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Know where your food comes from

Since the recall of cat and dog foods that contained melamine and resulted in the death of pets nationwide, knowing where your dog's food comes from has become important. Not long after this recall, 1,400 hogs in Western North Carolina were euthanized after they had eaten a shipment of this potentially contaminated pet food. These pigs had been destined for human consumption.

Knowing where your food comes from -- or putting a farmer's face on your food -- is central to eating healthy. Eating locally has become more fashionable than eating organic -- although sometimes you can have both. Local farmers' markets are located from Waxhaw to Huntersville, and many of these markets, such as the markets in Huntersville, Gastonia and Matthews, have restrictions on their vendors and require participating farmers to be located within a certain radius of the market. When you buy directly from a local farmer, you support local agriculture as a viable part of the community.

THE LARGEST AREA MARKET is the Charlotte Regional Farmers' Market, which charges their North Carolina vendors less than out-of-state vendors. Although many of these vendors grow their own produce, some of these vendors buy produce to resell, which is why you can often see out-of-local-season produce for sale. This market is one of five owned by North Carolina and operated by the N.C. Department of Agriculture and Consumer Services.

The Charlotte Regional Farmers Market, 1801 Yorkmont Road. Hours are Tuesday through Saturday, 8 a.m. until 6 p.m.; Sunday 12:30 p.m. until 6 p.m.

THE MATTHEWS COMMUNITY FARMERS' MARKET was established in 1992 to "encourage farming in the Matthews area and to strengthen Matthews sense of community". The participating farmers, both organic and non-organic, live within a 50-mile radius of Matthews. The market is operated by the Matthews Community Farmers' Market Inc., a non-profit corporation and requires a family member of the farm be on site to answer questions. On May 19, Marc Jacksina, chef-owner of Lulu, will host a cooking demonstration. On May 26 John Matthews Chef de Cuisine at Blue will demonstrate his cooking.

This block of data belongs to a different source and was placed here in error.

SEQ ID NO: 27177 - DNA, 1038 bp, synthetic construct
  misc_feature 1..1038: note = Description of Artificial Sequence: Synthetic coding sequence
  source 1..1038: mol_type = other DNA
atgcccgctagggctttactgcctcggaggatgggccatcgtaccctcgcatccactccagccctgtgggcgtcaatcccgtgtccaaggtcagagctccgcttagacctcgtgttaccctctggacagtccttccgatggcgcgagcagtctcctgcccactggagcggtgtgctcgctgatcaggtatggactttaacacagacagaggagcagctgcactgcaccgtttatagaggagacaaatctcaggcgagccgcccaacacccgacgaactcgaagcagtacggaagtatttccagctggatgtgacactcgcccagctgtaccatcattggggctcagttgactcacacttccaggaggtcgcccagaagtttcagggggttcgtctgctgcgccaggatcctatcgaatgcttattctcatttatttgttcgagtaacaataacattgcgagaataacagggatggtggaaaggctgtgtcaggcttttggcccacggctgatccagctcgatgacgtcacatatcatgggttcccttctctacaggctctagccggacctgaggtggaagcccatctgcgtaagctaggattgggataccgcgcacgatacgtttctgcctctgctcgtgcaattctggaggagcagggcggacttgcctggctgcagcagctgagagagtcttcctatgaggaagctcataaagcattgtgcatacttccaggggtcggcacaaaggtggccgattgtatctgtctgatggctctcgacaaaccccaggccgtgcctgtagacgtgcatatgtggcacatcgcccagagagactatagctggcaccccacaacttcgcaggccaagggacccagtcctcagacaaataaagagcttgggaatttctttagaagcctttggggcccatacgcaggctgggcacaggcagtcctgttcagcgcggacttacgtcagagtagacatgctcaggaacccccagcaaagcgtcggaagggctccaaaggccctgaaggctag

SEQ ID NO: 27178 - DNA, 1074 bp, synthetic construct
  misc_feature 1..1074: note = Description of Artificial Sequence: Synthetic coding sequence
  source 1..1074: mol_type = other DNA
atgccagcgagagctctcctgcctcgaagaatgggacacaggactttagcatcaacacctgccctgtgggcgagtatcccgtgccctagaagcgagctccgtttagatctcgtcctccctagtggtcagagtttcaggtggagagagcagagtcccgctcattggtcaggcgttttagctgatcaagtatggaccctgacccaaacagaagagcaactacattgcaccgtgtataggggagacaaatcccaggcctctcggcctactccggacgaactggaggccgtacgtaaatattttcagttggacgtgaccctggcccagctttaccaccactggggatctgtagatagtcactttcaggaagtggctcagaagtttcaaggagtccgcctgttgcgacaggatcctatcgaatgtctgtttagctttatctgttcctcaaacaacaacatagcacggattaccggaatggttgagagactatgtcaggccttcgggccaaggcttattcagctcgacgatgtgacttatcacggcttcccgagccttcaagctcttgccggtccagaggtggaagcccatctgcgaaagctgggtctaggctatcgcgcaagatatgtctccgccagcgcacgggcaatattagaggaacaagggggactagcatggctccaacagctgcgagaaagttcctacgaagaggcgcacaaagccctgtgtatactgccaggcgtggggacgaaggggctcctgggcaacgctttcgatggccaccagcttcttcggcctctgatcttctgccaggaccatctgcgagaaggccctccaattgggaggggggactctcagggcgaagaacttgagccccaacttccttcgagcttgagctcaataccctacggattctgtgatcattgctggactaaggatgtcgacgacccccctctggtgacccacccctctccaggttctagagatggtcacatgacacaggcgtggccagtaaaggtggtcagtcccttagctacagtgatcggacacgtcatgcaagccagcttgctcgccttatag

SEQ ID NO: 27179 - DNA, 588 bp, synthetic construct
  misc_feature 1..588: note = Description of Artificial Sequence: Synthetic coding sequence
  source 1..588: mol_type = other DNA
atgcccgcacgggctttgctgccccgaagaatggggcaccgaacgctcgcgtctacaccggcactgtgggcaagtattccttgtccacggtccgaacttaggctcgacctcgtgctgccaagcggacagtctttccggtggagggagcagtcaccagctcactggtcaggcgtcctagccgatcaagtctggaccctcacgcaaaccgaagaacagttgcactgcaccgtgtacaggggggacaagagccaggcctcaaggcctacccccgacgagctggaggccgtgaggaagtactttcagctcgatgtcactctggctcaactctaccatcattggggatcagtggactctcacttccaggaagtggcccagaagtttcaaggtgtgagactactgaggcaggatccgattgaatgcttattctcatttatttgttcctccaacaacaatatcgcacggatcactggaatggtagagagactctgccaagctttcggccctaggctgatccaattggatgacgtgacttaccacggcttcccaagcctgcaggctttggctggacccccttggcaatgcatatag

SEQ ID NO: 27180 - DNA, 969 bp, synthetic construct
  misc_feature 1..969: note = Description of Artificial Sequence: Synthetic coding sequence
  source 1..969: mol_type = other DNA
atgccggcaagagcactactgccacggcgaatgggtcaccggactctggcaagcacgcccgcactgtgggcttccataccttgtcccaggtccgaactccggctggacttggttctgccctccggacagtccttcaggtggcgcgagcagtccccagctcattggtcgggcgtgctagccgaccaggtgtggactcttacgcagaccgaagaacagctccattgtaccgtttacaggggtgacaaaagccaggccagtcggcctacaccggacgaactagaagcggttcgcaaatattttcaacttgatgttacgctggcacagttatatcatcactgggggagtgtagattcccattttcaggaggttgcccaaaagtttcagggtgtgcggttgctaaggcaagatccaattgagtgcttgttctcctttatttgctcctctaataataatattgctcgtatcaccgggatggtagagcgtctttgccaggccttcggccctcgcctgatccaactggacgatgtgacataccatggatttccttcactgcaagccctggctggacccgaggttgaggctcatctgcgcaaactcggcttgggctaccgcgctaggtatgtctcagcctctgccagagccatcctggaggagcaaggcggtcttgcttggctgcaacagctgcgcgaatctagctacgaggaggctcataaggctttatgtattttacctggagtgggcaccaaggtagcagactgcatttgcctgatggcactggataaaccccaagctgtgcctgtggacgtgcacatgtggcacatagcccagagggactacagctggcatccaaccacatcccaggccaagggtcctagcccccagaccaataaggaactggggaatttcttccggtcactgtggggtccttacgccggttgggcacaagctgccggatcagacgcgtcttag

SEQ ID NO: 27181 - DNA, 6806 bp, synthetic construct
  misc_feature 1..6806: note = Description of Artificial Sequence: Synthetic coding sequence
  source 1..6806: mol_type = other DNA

The Matthews Community Farmers' Market, North Trade Street (next to Renfrow Hardware), Matthews 7:30 a.m. until noon every Saturday from April through November.

DOWNTOWN RESIDENTS can celebrate the tenth season of Center City Green Market on 7th Street. This market has a variety of vendors such as Creekside Farms, Unity Farms and Greeneman Farms; fresh fish (including from the Carolina coast) from Michael LaVecchia's Seafoods.com, flowers from Jefferson Herr and handmade crafts such as jewelry, stained glass and pottery from local artisans. May 19 is when the Hawaiian Luau Party will be held. Attire: Hawaiian shirts. Hula contest held at 11 a.m. On June 16 is the Great Cookie Crumble, a judged annual cookie contest. July 7 is the third annual Firefighter's Pancake Breakfast (they cook) to raise money for the Charlotte Chapter of the Burned Children's Fund.

The Center City Green Market, 7th Street between College and Brevard streets, across from the Levine Museum of the New South. Unlimited free parking is available in the 7th Street Station parking deck. Hours Saturday 8 a.m. until 1 p.m.

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